Aug 8, 2020 at 12:27 pm #3669914Greg MihalikBPL Member
Shifting ground and an overcompensating operator resulted in a fractured sling-strut –
Alite did not respond to my emails, so I was on my own.
I found a brass tube from OnLineMetals.com sized for a force-fit over the fracture. I swapped ends to provide a sound fit at the hub. The sling pocket didn’t care.
While I was at it, I epoxied on reinforcing rings to the four sling-strut junctions at the hub –
All of this added two ounces to the chair.Aug 8, 2020 at 6:08 pm #3670027JCHBPL Member
Clever preventative addition.Aug 8, 2020 at 8:19 pm #3670049Christian KBPL Member
FYI REI sells repair splint sleeves… just like the ones that come with your tent in case a pole breaks.
I picked up the REI flex lite air (1 lb) chair for $30 (normally $100) at an REI garage sale last year. It was damaged just like your chair. I walked over to the repair parts display and was lucky enough to find a $5 splint that was an exact fit.
Now, getting it all the way on was a different story! While it was snug, it was a little too snug for the last 1/4” of the split where the aluminum flared out and I had to beat on it profusely to slide it all the way to the end. Didn’t even bother using adhesive it was so tight! Fun times.
But yeah, cheaper than ordering online w/ shipping costs and whatnot. But nice use of epoxy on your end! Practical and usable. Hope you used a metal epoxy ;)Aug 15, 2020 at 3:44 pm #3670882Sam FarringtonBPL Member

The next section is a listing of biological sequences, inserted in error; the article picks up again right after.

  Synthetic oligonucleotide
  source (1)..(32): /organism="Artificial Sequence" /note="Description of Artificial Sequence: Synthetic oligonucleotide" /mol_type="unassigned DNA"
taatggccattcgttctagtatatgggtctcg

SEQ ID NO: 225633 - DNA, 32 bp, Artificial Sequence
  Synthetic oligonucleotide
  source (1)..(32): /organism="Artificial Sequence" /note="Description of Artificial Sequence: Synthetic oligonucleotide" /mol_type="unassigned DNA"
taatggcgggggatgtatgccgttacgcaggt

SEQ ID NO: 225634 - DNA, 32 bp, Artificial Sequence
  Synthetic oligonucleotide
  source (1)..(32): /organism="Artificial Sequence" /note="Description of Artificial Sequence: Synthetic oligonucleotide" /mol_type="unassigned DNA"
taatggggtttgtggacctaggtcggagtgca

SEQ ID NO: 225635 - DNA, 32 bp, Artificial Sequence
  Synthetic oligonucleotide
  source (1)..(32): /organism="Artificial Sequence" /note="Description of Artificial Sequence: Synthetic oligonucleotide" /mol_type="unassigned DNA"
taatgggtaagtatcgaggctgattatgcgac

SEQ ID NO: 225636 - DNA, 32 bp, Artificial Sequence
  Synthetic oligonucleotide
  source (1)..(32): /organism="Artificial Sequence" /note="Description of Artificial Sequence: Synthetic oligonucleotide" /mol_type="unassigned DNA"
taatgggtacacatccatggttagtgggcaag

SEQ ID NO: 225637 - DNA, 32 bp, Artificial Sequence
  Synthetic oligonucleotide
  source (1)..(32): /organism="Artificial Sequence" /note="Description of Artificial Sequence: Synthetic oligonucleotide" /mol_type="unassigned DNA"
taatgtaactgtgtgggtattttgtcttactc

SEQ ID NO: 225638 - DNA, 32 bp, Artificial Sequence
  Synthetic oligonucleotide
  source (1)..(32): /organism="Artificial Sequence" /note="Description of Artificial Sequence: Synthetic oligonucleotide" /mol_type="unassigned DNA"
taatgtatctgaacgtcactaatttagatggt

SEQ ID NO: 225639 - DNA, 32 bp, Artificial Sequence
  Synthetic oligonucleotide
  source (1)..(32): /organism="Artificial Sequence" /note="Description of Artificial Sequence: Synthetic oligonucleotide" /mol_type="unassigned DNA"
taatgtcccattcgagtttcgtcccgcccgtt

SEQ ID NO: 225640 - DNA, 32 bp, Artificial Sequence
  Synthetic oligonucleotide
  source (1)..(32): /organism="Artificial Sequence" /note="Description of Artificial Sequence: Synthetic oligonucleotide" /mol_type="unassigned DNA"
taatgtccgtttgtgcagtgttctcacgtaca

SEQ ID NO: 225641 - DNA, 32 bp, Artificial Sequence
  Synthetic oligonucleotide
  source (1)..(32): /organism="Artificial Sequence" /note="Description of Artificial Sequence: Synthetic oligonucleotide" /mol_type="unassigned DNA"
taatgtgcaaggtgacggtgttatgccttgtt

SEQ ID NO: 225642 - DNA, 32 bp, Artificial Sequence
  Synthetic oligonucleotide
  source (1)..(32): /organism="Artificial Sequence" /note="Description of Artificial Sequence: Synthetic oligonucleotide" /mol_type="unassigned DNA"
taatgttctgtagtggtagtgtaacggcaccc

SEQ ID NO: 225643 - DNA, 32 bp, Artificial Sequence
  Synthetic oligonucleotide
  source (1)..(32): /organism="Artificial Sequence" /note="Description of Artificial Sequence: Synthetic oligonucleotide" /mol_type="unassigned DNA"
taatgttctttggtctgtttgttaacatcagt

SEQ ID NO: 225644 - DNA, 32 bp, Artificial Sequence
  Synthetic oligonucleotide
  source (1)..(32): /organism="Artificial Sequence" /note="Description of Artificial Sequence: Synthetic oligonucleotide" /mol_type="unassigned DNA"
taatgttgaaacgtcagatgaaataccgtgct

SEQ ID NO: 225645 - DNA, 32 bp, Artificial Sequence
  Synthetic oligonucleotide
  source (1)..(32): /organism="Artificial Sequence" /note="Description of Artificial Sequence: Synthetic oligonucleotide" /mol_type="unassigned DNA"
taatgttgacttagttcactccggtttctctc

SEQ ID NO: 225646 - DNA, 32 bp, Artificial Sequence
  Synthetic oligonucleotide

@scfhomeLocale: Chocorua NH, USA
Your link to Online Metals was for a brass tube, but that may well be more durable than a tempered ALU alloy.
Using a hub or even two hubs at the base of the these and similar chairs to support the seat appears to be an invitation to fracture. Putting all that pressure on the tubing below and above the hub(s) is too much, IMO. No surprise that REI marketed a repair tube for their model. A good idea for a tent pole section, but not sure it is much of a remedy for a chair that must be lugged home and repaired, and may fracture again due to the hub design.
Should that happen, suggest looking for an alternative in the classic canoe chair design, such as this MYOG chair: https://backpackinglight.com/forums/topic/81152/
The canoe designs tend to put the body closer to the ground, but have found that to be an asset, as it is better for stretching the legs out. The design also allows for swiveling about on the chair with much less risk of breakage. The weak point is at the rails supporting the seat, which were reinforced with carbon tube inserted inside the alloy tube.Aug 15, 2020 at 4:44 pm #3670895David ThomasBPL Member
@davidinkenaiLocale: North Woods. Far North.
If a metal tube around another metal tube is a tight fit, toss the outer one in the oven and the inner one in the freezer. They’ll go together really easily but then NEVER come apart.
My great uncle did that (by design) on the nested main spars of SuperMarine Spitfires during WWII.Aug 17, 2020 at 9:48 pm #3671299Sam FarringtonBPL Member
@scfhomeLocale: Chocorua NH, USA
Should have also noted that the low canoe chair is low enough for sitting under the tent canopy to cook and eat meals. Those hub chairs will require much higher ceilings.
Thanks for that tip. Does it work vice-versa? If so, I’ll have to remember which tube gets frozen, and which one gets heated. Will just copy your post, and keep it handy, because I’m sure I will benefit from using it.
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